How Harmful are Indoor Tanning Beds?

More than a million Americans go to tanning salons every day to get serviced. Although indoor tanning beds are designed to give you a beautiful golden brown body, studies have proven it can damage considerable and even predispose a person to skin cancer.


Statistics show that both men and women solicit for indoor tanning. However, non-Hispanics and Caucasians comprise the bigger part of this, and can sometimes be as young as a high school girl.

How Harmful are Indoor Tanning Beds Picture -

A tan, whether from the sun or a tanning bed’s sunlamp, is a skin tone change resulting from exposure to harmful ultraviolet (UV) rays. .

Increased Cancer Risk

In 2009, indoor tanning was declared “carcinogenic to humans” by the International Agency for Research on Cancer (IARC). It is now sitting in the highest cancer risk category from the previous “probably carcinogenic to humans.”

In its analysis, the IARC linked indoor tanning to two types of skin cancer: squamous cell carcinoma and melanoma and to the cancer of the eye also called “eye melanoma.”

It is highly dangerous to people who use used tanning beds before they reach age 35, increasing the chance of getting melanoma of the skin by 75 percent. Overall, indoor tanners have a 3 fold chance of developing skin cancer than those who never tried it.

Some people say indoor tanning is safer than a sun tan. There is no truth in that as you are exposed to the same UV rays that the sun gives off. Past studies already proved that the sun’s UV rays can cause skin cancer—meaning you can also get skin cancer from indoor tanning.

Other Negative Effects

Besides melanoma, squamous cell carcinoma and eye cancer, indoor tanning can hasten the skin’s aging by wrinkling and reducing elasticity. People who have sensitive skin may get allergic reactions from exposure to Ultraviolet rays. Also, long exposure to UV-B rays can impede the skin’s natural defenses, making you more vulnerable to skin diseases.

Indoor tanning causes 419,000 cases of skin cancer every year in the United States. It equates to almost double the number of lung cancer cases from smoking. Although the development of cancer is a long process that may take many years, the IARC prohibited minors, those under 18 years of age, from tanning.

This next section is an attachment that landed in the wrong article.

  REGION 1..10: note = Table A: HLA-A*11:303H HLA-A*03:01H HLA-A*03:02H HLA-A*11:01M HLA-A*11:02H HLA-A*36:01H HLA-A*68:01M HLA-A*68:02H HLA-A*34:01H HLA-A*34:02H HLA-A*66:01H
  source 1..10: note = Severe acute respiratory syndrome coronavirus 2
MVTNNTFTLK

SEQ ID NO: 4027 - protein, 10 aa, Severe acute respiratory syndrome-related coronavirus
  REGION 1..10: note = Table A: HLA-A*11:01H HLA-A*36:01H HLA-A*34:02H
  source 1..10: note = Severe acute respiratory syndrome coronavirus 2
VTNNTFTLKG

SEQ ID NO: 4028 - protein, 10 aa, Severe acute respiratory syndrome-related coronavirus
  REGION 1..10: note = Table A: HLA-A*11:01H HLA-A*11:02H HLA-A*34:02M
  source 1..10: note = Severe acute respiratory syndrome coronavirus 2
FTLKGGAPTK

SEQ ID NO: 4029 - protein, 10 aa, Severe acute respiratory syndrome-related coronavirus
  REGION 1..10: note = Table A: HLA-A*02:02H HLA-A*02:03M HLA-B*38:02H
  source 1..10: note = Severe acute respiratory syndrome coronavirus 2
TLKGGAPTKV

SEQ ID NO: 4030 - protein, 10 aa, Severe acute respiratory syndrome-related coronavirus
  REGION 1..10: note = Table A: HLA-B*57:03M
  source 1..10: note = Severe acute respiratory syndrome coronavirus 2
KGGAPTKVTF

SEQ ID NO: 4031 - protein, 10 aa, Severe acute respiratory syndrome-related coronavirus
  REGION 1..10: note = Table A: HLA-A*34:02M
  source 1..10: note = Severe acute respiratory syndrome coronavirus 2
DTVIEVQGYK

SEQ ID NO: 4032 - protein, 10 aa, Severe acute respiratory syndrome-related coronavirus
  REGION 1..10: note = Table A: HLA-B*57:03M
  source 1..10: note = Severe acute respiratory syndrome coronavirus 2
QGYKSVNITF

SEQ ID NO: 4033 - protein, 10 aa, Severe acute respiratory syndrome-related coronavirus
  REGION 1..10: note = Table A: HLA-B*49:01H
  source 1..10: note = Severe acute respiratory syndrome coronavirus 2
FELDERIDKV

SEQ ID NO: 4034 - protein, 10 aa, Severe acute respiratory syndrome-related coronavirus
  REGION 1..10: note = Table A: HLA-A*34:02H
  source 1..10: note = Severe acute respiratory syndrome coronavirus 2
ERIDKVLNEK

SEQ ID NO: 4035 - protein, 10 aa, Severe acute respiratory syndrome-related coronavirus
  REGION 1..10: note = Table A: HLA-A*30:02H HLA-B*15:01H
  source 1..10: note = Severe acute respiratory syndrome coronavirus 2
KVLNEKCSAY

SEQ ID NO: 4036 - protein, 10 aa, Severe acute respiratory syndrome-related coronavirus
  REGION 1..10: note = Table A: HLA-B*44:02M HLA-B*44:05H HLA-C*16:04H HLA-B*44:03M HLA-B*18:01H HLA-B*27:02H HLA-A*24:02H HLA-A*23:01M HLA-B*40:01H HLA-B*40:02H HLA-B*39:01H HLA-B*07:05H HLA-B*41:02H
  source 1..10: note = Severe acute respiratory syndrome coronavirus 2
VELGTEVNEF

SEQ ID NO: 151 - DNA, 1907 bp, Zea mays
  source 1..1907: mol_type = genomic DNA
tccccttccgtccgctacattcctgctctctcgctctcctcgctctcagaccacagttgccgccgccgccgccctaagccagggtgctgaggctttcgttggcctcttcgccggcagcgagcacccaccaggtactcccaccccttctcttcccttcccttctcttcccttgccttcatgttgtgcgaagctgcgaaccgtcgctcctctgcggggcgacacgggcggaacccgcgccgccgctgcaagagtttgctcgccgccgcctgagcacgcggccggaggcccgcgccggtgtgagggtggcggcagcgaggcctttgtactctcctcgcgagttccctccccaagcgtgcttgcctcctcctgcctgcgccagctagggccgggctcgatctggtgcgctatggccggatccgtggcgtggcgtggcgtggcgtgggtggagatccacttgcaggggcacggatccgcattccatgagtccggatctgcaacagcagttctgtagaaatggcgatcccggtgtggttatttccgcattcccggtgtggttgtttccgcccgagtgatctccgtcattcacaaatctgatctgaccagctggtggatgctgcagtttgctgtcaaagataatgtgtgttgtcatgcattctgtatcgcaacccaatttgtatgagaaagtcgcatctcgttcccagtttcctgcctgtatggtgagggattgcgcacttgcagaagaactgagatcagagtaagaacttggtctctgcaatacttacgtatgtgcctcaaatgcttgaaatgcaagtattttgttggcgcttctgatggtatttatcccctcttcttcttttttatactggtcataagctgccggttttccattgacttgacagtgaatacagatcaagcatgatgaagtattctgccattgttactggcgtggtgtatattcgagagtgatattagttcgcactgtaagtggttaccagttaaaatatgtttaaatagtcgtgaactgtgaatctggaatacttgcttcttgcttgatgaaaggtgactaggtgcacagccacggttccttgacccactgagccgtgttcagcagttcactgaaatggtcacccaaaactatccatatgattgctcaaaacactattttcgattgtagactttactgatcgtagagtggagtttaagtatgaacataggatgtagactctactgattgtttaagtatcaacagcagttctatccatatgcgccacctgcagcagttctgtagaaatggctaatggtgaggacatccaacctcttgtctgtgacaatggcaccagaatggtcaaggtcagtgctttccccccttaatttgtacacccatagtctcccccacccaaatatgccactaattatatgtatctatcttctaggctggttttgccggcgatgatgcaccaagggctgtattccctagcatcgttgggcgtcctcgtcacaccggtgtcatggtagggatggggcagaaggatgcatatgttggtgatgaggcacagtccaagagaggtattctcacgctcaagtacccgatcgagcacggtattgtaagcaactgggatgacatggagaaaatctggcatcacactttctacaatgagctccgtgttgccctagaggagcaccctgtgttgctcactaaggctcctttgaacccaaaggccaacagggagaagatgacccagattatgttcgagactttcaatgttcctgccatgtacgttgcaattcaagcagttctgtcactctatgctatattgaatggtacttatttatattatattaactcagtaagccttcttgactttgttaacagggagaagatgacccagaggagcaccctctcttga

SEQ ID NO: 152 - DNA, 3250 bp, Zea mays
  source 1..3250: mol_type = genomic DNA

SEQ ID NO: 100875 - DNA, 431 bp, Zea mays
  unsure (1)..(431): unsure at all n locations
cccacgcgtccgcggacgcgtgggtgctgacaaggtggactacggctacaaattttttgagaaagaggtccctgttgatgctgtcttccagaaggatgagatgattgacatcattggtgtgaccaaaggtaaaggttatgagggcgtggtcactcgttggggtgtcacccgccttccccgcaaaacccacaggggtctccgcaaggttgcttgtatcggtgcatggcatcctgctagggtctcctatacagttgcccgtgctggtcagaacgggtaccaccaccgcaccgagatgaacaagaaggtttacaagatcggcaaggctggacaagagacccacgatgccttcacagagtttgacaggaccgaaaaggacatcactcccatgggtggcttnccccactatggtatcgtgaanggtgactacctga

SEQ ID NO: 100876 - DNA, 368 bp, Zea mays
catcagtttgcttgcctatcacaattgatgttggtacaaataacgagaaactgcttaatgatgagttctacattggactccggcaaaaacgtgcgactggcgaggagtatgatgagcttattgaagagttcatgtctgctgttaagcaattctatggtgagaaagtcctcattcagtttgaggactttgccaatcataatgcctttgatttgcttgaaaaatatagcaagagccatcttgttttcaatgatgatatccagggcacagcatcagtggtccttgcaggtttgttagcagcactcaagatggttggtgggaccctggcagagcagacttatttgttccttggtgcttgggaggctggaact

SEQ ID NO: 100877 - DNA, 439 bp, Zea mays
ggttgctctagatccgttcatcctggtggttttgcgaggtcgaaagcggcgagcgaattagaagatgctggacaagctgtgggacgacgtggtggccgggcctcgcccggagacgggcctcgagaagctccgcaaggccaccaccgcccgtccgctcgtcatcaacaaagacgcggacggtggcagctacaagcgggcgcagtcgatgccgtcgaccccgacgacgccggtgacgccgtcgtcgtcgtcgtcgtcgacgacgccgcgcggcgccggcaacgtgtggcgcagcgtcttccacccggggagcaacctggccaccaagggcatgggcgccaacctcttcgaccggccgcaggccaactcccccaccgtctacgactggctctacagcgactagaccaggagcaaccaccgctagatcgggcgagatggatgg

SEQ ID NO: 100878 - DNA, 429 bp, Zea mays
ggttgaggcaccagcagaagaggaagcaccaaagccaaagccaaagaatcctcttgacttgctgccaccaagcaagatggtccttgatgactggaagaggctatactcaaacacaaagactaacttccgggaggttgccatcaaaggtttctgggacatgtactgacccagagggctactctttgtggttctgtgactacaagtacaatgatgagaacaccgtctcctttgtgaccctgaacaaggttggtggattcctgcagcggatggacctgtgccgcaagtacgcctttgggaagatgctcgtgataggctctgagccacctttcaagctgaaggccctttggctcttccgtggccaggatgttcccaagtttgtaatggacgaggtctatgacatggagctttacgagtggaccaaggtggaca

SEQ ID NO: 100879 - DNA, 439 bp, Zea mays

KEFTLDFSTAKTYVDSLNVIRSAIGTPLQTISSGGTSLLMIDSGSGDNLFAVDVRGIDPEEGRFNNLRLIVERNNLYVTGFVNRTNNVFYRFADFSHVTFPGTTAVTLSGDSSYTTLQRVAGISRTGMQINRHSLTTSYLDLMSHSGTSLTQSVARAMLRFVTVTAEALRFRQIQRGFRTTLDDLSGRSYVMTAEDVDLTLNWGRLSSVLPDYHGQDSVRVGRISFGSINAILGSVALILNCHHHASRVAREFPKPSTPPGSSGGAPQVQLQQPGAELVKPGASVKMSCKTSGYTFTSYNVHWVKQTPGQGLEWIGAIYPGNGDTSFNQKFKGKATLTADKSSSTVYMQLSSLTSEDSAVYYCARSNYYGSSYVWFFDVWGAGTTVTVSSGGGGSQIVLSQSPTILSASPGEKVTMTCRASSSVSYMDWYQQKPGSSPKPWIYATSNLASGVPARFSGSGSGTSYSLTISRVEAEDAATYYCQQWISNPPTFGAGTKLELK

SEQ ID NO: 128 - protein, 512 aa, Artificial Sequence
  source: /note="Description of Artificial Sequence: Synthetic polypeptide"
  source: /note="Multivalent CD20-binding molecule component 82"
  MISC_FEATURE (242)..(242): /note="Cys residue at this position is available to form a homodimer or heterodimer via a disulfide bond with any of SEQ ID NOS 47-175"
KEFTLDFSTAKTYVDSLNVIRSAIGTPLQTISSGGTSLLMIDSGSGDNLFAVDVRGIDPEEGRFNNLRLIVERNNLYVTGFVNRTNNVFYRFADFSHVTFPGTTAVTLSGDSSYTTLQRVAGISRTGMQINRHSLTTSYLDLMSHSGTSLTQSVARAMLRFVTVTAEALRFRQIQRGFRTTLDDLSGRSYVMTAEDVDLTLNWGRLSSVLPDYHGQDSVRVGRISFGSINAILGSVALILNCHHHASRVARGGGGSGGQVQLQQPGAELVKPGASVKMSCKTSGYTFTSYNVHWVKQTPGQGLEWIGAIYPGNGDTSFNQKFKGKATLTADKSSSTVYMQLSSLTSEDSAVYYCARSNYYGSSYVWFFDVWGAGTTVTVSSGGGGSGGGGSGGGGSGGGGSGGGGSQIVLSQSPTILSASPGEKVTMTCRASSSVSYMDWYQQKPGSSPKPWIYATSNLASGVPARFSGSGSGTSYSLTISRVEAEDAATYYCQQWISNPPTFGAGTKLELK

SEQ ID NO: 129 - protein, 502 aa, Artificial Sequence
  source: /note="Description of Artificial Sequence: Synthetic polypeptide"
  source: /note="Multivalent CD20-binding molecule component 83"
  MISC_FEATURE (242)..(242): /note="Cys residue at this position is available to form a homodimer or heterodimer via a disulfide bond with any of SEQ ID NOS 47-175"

Today, several states have already banned minors from tanning salons. Different countries in Europe have enforced these bans as well.

Visit our additional resources for more information regarding skin cancer.




Photo By Whatsername [CC-BY-SA-3.0]

Further Reading

  • If you’re one of the many people who head to the beach with plenty of sunscreen and a beach umbrella, you may still need to take extra steps to ward off harmful UV rays. According to a recent study published in the Photochemistry and Photobiology journals, beach umbrellas block out only about 70 percent of UV rays.

  • Mohs surgery has been proven effective for reducing facial scarring after skin cancer surgery, and is quickly becoming the preferred surgery of choice at several cosmetic surgery and dermatology offices around the United States.

  • A new study carried out by the Institute of Cancer Research and published in the Cancer Research journal shows that a genetic mutation found in some forms of malignant melanoma can initiate the development of the deadliest form of skin cancer. The KRAS gene is mutated in approximately two per cent of malignant melanomas, and is the study is the first of its kind to show that damage to this gene can be the first in a process of events that trigger malignant melanoma.